The first tastes, smoked-bacon and shallot focaccia rolls, hot from the oven, and an amuse-bouche in the form of a tiny cup of intensely flavoured chilled cucumber and passion-fruit soup, suggested the chef knew his business. The starters confirmed it. My fried lamb sweetbreads, with a crisp coating of Moroccan spices, were creamily tender inside, and a bed of nubbly bright-green buckwheat in a sharp minty sauce was a great foil...the atmosphere in these pretty rooms is relaxed, and the service is calm and friendly. It was full for an evening early in the week......Also on the plate was a foamy sweet-onion mousse trapped in acylinder of crisp brik pastry, which was so delicious that I ate it all while still puzzling how they kept the pastry so crisp while wrapping a mousse.... They like a busy plate here, but every element played its part to perfection...... they brought a glass of fluffy goat’s-milk mousse with an intense sorrel purée, one of the best things I have tasted in ages. G’s raspberry soufflé was perfectly risen, fruity and buttery, with a sharp lemon-balm ice cream to cut its richness
Elfreda Pownall - Stella Magazine, The Telegraph on Sunday, 8th September 2013
The Good Food Guide 2013 writes “Expect waves of amazement - texture, colour, impact, surprise - Laurie Gear's cooking is gaining depth as well as clarity - seasonality is king and the menu is tweaked as the months roll by'
The place is still on fire, but now it's in the happy, metaphorical way. Things to think about start with the amuse bouche, a pumpkin foam with orange and nutmeg cream that was an unexpectedly complicated dance of autumn flavours between the sweet pumpkin, the citrus and the dairy. Gear puts the cumin in a carrot puree and serves it with scallops that have the faintest detectable curry taste ... a lovely dish, and a fascinating interplay of textures ... saddle of venison was served the perfect degree of under-doneness with a robust dumpling of its haunch, cavolo nero, celeriac, pickled red baby onions and a rosehip and hawthorn berry emulsion. It looked ravishing and tasted just as good. Far be it from me to suggest that's the most fun you can have in Amersham with your clothes on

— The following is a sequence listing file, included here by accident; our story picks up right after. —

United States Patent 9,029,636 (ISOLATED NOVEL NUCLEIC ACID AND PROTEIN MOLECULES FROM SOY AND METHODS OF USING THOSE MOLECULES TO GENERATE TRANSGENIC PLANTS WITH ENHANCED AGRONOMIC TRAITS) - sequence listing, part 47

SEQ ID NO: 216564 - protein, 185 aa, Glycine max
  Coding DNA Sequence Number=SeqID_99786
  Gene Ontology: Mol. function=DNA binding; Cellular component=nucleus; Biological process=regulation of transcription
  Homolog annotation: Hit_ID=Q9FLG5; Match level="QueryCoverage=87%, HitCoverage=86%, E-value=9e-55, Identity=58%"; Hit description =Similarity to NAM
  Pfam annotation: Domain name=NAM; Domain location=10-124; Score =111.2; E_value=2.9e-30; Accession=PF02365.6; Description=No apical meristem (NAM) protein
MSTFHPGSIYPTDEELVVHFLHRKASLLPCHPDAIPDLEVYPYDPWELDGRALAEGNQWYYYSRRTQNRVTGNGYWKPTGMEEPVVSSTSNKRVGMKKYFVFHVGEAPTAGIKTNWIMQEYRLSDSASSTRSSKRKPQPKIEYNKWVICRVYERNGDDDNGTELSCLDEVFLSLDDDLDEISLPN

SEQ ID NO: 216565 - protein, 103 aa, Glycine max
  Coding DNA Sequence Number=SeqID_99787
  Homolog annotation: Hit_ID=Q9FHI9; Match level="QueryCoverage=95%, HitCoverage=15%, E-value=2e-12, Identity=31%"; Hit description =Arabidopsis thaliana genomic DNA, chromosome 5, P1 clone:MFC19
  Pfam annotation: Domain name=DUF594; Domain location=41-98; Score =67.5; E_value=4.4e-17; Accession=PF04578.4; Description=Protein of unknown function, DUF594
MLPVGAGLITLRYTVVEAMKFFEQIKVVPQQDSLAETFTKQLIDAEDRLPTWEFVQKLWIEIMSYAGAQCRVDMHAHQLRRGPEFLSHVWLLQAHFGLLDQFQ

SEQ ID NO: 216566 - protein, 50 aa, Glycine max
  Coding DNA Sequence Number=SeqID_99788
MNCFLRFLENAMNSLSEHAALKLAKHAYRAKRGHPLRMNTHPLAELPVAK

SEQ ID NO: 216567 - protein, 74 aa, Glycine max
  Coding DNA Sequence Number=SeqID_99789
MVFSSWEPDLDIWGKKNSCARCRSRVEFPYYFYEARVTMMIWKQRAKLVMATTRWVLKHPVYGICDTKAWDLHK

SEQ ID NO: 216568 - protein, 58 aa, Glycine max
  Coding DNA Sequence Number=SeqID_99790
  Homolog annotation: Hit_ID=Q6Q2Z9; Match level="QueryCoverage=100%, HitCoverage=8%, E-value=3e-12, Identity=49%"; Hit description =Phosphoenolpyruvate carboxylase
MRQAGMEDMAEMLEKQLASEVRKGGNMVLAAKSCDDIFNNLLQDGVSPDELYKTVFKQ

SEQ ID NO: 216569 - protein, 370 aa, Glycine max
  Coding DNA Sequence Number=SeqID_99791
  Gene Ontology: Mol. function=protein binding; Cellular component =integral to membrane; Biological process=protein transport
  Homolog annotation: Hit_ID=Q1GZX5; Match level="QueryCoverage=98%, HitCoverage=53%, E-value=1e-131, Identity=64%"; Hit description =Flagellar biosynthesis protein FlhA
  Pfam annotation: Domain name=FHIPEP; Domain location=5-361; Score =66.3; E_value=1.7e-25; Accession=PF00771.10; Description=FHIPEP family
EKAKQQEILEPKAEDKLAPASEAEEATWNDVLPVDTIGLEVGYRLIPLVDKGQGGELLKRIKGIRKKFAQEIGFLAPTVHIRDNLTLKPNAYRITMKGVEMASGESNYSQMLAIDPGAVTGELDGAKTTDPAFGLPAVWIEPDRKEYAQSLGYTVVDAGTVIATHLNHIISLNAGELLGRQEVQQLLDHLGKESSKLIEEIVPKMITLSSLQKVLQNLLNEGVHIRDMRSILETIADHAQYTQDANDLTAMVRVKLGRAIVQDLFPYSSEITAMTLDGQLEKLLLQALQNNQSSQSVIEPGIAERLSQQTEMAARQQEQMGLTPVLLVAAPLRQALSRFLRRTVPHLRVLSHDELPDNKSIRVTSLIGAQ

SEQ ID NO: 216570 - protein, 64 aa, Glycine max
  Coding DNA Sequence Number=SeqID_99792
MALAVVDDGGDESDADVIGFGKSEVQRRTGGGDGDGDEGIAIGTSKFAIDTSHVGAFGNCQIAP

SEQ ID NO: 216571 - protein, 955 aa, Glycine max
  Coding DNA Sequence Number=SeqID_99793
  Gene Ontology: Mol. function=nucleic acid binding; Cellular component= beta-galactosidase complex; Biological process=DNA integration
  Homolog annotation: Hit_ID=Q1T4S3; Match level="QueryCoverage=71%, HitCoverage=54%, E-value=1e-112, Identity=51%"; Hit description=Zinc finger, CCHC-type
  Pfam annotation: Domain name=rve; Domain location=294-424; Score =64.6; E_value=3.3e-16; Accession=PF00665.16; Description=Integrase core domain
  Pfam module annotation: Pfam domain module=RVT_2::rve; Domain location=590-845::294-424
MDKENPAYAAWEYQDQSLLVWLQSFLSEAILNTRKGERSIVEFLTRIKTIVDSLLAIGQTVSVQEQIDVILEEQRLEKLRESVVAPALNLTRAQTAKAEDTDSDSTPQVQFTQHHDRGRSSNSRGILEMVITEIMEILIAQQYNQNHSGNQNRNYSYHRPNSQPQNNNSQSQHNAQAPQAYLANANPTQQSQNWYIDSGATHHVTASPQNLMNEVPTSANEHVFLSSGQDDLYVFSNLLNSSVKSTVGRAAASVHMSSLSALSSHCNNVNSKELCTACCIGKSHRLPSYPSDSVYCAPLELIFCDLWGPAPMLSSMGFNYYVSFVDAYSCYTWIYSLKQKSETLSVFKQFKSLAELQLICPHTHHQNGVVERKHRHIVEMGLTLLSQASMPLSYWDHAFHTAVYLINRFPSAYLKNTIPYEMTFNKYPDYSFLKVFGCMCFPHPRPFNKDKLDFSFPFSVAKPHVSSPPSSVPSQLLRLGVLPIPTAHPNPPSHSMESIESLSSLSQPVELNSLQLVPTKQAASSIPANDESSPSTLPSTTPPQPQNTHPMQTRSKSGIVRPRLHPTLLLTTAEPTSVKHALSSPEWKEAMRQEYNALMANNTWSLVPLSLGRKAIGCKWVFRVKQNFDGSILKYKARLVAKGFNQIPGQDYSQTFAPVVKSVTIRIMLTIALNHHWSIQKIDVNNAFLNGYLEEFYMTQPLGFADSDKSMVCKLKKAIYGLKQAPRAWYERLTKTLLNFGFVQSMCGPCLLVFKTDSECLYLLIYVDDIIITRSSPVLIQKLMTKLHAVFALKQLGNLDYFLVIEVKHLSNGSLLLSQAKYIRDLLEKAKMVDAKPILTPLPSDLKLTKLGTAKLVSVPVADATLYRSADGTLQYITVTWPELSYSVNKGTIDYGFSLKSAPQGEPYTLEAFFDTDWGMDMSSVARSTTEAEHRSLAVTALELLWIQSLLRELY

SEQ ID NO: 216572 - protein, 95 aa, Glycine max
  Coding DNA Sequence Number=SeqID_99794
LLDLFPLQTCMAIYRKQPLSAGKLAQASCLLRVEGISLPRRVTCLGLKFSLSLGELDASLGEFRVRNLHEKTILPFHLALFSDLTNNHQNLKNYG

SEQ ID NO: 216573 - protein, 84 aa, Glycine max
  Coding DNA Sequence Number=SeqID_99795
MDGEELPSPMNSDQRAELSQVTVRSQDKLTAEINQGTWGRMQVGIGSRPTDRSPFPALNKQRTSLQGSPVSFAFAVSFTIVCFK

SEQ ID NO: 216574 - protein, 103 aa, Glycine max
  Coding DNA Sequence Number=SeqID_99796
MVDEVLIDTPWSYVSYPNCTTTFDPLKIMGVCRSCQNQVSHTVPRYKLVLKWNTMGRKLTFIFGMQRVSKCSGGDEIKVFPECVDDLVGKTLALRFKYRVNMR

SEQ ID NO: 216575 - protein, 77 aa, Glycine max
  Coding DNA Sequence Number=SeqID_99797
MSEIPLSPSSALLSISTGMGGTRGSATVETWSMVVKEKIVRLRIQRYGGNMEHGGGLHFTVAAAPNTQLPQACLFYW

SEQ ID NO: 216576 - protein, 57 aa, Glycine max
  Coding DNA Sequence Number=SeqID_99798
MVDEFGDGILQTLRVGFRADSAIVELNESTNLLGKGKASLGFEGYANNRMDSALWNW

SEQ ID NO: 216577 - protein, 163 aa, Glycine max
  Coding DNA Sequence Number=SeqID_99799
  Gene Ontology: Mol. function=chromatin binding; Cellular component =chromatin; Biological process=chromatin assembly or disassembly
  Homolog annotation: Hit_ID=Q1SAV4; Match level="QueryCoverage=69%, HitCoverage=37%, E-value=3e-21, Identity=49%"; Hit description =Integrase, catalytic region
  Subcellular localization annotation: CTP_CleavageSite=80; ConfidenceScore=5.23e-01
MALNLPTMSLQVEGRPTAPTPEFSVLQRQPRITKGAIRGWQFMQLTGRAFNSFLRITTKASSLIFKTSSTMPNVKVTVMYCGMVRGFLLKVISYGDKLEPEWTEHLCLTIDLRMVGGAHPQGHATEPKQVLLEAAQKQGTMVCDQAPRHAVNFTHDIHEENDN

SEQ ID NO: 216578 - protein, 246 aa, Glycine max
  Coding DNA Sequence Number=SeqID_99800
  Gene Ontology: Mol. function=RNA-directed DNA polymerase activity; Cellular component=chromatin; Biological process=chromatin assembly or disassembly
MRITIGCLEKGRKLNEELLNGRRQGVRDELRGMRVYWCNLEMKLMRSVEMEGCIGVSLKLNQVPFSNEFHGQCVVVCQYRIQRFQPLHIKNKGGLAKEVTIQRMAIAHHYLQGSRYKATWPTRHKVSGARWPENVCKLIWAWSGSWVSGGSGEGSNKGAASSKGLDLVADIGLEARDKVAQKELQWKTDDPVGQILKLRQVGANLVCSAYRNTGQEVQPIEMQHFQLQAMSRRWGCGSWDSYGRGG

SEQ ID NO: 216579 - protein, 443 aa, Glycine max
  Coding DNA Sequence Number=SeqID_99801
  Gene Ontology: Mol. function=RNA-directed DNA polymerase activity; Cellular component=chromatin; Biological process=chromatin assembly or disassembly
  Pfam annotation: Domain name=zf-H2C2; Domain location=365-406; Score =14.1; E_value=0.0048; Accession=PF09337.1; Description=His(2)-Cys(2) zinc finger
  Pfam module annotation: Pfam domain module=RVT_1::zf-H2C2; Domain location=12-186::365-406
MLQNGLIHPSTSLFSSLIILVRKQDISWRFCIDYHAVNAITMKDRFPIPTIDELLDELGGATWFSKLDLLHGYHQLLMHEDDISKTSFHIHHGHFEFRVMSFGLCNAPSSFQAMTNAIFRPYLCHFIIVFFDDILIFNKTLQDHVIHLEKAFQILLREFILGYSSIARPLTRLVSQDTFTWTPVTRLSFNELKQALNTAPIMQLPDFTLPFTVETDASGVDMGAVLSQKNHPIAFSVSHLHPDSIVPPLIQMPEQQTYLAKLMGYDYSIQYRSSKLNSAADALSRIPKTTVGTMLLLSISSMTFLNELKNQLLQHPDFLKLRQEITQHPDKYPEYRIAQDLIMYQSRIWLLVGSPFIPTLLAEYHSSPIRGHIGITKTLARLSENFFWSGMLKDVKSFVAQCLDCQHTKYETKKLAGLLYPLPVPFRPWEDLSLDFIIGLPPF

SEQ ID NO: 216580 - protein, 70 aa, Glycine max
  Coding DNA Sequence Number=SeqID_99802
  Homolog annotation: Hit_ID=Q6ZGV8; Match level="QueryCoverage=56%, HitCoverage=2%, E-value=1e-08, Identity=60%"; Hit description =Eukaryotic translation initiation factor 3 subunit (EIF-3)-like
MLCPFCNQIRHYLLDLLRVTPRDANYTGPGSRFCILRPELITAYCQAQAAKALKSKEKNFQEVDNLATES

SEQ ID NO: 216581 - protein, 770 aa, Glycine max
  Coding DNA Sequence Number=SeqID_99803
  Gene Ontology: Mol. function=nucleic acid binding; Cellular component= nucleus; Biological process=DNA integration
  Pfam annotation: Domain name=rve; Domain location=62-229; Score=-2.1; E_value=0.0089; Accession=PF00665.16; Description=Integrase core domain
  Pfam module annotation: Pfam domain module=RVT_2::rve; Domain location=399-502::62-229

John Lanchester, The Guardian on Saturday, 19 November 2011
A potentially disastrous fire three years ago came close to destroying the cosy restaurant that Laurie and Jackie Gear built...It proved to be the catalyst that has transformed Artichoke into one of the best of the new breed of adventurous British restaurants
The Food List - Britain's Top 100 Restaurants - The Sunday Times (in association with Hardens) 30 October 2011
Wandering inside, the first thing that one notices about Artichoke is that it pulls off the incredibly rare feat of being stylish without being over-formal or stuffy... I’d had my eye on the fabulously named ‘snail bonbons’, which proved a stirring hors d’oeuvre. Coupled with a perfectly cooked piece of red wine glazed pig’s tail... They were about as good a dish as I’ve eaten all year,and came superbly paired with a glass of New Zealand Riesling. Desserts maintained the impeccable quality of the meal – my blackcurrant crumble soufflé was really quite exceptional, and the sort of thing that Poet Laureates ought to be penning verses to...we bid Artichoke a sad but fond farewell, hatching plans to return.
http://www.arbuturian.com/2011/artichoke - Alex Larmen, August 2011
Laurie has been awarded 'Local Legend' by the Daily Mail group - read the Artichoke story